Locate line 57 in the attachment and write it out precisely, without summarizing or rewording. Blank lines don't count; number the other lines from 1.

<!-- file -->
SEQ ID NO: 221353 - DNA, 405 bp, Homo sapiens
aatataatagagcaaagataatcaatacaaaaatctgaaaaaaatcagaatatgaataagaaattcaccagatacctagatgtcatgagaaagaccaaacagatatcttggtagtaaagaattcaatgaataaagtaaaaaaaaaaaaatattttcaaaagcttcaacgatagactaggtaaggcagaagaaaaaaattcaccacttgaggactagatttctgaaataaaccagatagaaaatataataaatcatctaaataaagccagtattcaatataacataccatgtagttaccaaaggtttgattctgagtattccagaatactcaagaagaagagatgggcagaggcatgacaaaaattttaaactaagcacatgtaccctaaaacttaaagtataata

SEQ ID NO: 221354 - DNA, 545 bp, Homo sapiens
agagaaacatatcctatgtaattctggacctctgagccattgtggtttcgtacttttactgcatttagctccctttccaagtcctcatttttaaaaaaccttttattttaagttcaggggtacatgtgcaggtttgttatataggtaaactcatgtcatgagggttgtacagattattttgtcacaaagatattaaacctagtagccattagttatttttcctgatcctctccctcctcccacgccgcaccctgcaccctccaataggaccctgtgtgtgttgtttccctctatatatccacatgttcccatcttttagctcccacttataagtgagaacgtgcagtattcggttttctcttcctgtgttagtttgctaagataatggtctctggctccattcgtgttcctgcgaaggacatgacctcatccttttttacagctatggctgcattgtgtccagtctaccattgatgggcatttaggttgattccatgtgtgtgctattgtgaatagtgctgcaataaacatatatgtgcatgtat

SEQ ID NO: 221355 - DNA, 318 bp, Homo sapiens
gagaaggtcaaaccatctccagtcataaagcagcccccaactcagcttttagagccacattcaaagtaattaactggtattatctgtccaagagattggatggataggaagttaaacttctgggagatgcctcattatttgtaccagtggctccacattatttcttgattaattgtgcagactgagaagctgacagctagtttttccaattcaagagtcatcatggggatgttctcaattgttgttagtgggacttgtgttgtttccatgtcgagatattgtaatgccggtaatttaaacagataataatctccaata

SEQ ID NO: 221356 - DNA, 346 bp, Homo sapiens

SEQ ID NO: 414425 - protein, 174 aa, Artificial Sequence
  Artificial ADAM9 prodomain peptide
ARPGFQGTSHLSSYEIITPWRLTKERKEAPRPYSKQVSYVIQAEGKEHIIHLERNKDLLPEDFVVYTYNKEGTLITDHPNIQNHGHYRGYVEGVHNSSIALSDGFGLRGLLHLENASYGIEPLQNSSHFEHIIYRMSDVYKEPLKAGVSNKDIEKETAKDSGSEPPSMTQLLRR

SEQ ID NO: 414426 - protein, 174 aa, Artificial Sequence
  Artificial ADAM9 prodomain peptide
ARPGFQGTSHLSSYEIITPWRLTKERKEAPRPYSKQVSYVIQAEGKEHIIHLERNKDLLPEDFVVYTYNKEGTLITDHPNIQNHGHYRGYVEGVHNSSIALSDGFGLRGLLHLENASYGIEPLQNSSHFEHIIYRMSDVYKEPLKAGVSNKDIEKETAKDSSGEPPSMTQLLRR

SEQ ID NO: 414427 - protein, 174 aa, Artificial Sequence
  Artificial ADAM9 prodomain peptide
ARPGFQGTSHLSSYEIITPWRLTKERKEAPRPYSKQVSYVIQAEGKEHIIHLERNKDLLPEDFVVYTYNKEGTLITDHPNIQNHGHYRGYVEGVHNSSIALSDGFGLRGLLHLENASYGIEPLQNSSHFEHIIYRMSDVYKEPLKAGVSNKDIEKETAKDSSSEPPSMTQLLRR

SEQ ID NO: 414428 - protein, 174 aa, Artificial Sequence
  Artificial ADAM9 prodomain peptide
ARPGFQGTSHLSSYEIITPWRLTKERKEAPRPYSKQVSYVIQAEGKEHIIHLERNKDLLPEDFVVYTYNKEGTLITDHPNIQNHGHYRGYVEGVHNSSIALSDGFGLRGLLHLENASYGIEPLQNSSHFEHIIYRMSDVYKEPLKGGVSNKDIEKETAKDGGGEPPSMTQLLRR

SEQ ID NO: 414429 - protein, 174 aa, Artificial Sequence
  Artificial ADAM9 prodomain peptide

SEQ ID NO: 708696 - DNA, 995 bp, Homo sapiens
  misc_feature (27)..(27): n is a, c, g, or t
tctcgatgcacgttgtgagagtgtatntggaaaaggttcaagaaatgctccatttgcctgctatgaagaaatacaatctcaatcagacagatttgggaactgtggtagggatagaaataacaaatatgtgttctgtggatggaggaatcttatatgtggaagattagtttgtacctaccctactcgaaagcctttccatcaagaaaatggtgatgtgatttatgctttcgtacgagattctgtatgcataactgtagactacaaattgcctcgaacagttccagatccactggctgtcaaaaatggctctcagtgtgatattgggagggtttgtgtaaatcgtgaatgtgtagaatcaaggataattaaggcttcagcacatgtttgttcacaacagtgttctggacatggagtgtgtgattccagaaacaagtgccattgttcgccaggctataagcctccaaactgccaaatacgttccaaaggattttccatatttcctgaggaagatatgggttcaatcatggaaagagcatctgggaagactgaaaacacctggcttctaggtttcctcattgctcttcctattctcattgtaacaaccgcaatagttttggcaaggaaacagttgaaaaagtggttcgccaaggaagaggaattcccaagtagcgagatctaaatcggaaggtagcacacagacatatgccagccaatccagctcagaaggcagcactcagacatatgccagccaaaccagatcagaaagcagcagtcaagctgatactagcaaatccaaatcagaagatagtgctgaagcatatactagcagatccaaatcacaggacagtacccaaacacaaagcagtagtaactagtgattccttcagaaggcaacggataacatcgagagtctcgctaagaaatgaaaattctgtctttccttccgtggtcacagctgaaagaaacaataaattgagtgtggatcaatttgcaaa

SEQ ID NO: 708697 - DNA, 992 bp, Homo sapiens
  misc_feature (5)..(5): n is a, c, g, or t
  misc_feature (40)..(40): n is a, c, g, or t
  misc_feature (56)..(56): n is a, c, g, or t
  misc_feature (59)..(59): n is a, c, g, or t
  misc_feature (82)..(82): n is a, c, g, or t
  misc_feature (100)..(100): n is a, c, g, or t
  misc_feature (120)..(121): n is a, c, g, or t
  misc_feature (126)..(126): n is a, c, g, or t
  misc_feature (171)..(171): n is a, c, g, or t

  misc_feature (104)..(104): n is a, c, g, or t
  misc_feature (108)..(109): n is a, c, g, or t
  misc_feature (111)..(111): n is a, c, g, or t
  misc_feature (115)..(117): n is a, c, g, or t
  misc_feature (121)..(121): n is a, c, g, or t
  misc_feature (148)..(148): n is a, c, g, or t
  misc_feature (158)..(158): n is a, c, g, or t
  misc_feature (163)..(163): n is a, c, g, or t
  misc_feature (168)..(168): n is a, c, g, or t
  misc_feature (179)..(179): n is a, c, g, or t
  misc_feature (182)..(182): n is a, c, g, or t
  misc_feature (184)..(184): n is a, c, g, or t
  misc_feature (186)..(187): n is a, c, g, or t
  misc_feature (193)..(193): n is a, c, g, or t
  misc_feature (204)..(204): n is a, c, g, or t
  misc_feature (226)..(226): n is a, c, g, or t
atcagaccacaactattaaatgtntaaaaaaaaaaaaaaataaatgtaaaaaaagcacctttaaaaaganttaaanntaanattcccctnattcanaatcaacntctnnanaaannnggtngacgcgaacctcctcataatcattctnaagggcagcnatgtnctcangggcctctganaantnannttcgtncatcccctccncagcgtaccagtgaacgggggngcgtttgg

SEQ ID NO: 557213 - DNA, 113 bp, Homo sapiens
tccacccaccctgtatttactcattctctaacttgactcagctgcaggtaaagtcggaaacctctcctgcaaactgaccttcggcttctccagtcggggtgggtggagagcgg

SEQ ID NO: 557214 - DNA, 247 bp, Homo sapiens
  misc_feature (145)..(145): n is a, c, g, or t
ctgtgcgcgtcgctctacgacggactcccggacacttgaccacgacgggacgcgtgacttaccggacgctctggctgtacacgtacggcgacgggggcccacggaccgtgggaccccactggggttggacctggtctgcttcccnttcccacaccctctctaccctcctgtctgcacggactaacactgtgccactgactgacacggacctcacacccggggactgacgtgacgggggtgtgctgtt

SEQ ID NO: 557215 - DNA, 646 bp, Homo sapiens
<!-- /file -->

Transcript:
SEQ ID NO: 557215 - DNA, 646 bp, Homo sapiens